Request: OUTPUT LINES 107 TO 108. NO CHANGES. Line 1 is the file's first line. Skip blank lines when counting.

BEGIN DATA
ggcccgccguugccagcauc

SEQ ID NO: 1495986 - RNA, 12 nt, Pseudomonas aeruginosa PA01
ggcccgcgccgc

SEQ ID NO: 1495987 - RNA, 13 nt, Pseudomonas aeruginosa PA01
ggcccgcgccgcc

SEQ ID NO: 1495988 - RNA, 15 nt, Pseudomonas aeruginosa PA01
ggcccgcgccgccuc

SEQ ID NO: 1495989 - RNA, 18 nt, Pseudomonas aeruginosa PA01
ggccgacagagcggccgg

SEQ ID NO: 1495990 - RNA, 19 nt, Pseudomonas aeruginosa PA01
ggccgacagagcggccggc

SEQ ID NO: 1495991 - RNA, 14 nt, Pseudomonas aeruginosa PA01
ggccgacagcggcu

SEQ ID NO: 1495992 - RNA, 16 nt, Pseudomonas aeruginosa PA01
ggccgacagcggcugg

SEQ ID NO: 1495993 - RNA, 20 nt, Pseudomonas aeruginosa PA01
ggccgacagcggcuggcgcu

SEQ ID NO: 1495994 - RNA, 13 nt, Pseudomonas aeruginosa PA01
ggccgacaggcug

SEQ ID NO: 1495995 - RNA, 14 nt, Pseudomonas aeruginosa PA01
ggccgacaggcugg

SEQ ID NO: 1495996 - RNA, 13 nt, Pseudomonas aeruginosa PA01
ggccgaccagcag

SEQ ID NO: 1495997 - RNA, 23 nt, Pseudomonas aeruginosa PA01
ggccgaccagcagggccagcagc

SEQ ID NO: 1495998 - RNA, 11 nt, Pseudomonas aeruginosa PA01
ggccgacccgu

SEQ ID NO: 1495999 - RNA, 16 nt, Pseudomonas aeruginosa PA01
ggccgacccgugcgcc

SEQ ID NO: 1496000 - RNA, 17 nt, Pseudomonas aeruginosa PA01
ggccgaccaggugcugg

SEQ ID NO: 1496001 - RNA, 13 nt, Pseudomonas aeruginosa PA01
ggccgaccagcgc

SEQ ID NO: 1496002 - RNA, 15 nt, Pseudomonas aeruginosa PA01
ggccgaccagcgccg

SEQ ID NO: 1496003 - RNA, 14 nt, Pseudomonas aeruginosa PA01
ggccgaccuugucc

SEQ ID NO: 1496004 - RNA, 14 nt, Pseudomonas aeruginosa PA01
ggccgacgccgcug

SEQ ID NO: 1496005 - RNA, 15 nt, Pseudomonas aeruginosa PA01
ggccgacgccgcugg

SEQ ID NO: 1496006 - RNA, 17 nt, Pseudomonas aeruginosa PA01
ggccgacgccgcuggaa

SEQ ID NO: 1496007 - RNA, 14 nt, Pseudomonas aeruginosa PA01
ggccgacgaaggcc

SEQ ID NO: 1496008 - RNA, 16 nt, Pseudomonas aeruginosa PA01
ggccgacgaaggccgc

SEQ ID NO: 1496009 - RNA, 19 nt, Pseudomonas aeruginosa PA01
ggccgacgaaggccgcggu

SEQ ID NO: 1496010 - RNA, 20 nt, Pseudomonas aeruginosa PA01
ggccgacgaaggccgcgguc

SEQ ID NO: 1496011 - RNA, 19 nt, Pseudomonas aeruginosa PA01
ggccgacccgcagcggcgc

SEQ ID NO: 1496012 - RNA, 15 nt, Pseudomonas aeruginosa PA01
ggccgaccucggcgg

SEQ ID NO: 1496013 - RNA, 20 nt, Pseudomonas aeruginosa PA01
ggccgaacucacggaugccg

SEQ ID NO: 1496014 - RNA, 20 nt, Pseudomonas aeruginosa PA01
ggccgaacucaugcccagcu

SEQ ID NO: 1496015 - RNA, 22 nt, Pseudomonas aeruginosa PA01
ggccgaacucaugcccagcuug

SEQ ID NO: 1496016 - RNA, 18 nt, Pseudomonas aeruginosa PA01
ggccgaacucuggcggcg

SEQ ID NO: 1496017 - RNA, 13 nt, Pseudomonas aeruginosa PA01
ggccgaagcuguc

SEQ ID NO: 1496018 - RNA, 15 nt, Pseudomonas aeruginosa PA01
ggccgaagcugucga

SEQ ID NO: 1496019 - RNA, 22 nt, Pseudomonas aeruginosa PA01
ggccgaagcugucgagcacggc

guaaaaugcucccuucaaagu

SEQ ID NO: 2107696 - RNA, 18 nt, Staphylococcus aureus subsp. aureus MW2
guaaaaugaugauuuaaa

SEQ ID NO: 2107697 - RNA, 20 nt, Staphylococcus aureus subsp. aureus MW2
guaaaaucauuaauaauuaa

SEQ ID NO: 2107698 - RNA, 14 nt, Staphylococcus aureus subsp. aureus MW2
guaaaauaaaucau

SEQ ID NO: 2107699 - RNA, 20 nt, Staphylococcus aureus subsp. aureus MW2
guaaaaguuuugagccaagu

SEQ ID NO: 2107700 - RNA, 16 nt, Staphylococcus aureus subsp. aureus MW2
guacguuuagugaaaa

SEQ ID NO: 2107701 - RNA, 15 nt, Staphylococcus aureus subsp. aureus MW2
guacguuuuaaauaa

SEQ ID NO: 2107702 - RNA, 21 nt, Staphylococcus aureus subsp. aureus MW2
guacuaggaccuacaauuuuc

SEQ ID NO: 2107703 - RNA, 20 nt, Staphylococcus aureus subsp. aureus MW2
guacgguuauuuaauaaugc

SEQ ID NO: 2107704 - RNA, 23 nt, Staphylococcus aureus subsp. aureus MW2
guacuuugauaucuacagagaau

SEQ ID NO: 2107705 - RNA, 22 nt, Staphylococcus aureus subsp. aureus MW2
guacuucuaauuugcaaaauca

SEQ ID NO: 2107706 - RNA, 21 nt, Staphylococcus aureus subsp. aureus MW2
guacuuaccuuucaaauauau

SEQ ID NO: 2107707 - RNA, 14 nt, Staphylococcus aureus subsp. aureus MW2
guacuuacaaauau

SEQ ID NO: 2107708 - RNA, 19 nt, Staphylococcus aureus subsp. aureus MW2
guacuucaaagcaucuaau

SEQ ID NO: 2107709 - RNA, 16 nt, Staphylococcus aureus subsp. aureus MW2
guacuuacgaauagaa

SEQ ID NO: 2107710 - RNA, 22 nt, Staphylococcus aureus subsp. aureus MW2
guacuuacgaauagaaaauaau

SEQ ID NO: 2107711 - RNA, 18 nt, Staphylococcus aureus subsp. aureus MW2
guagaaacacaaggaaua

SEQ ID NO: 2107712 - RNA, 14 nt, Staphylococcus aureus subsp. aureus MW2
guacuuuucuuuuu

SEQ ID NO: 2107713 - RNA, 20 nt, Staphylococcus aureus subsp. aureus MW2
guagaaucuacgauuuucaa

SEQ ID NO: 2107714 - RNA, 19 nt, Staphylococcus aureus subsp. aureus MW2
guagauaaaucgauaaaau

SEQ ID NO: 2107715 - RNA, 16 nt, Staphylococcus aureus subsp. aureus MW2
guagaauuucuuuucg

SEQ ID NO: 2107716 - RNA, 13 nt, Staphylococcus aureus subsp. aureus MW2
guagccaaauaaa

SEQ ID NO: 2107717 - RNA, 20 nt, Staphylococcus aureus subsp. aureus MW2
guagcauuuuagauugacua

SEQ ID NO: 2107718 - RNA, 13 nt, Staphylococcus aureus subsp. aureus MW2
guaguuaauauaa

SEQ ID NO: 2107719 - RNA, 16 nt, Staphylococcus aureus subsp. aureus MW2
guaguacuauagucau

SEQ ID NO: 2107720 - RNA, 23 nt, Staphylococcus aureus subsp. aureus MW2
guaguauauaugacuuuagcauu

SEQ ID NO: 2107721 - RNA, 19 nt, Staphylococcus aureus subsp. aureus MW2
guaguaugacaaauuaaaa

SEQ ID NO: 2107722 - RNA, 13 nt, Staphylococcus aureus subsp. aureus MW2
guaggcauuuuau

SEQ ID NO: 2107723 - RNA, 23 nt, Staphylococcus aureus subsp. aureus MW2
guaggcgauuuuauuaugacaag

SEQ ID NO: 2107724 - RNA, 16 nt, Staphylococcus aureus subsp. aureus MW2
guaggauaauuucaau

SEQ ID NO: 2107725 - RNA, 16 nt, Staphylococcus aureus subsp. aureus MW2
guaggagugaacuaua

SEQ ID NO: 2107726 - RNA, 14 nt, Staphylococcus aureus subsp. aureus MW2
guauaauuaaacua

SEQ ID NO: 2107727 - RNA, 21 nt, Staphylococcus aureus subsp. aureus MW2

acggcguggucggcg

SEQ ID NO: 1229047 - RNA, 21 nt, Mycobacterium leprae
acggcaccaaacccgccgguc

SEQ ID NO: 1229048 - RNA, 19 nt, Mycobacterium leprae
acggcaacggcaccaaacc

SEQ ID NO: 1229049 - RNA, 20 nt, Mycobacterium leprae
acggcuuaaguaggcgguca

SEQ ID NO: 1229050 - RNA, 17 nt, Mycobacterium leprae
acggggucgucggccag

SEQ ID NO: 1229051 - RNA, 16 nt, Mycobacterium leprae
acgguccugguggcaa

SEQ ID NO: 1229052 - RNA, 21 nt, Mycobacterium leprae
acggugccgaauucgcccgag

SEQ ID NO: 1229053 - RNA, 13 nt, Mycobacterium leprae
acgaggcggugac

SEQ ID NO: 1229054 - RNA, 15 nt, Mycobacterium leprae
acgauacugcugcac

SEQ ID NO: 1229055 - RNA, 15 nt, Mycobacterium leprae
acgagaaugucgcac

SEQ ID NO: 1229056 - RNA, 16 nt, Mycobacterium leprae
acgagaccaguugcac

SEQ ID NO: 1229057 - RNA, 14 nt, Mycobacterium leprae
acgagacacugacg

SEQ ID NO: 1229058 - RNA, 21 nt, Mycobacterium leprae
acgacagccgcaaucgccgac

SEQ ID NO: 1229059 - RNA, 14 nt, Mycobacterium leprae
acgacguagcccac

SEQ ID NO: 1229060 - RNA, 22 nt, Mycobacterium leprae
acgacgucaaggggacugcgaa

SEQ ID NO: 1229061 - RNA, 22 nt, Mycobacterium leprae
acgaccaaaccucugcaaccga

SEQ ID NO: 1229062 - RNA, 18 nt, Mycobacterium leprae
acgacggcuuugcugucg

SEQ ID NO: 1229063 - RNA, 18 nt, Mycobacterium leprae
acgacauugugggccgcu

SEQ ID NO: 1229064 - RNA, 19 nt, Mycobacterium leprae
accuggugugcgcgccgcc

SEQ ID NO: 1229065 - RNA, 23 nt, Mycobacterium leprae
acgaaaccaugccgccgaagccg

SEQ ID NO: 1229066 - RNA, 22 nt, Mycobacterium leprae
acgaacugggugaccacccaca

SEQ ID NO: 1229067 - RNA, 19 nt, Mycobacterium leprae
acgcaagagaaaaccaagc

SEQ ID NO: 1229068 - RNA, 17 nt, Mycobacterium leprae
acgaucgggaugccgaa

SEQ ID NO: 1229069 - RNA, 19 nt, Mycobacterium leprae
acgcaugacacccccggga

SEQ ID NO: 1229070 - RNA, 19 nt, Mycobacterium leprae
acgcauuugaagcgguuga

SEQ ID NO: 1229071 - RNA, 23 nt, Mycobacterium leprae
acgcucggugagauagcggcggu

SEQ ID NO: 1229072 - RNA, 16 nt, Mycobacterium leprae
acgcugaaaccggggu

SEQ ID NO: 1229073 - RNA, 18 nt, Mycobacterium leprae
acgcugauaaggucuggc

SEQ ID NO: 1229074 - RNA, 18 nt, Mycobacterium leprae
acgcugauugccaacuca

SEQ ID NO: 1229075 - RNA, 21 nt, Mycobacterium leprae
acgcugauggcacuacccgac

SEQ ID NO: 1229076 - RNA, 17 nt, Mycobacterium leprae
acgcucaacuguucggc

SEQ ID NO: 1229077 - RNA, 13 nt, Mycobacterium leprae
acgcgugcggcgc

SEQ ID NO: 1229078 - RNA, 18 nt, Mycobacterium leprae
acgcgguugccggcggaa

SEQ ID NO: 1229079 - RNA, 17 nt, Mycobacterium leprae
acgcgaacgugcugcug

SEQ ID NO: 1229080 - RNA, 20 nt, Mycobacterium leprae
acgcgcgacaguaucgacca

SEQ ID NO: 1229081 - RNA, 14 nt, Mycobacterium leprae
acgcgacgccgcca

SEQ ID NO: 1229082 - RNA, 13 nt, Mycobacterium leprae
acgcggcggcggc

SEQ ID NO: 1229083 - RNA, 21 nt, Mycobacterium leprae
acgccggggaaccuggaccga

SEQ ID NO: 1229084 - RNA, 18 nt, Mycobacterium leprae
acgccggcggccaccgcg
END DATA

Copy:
SEQ ID NO: 2107714 - RNA, 19 nt, Staphylococcus aureus subsp. aureus MW2
guagauaaaucgauaaaau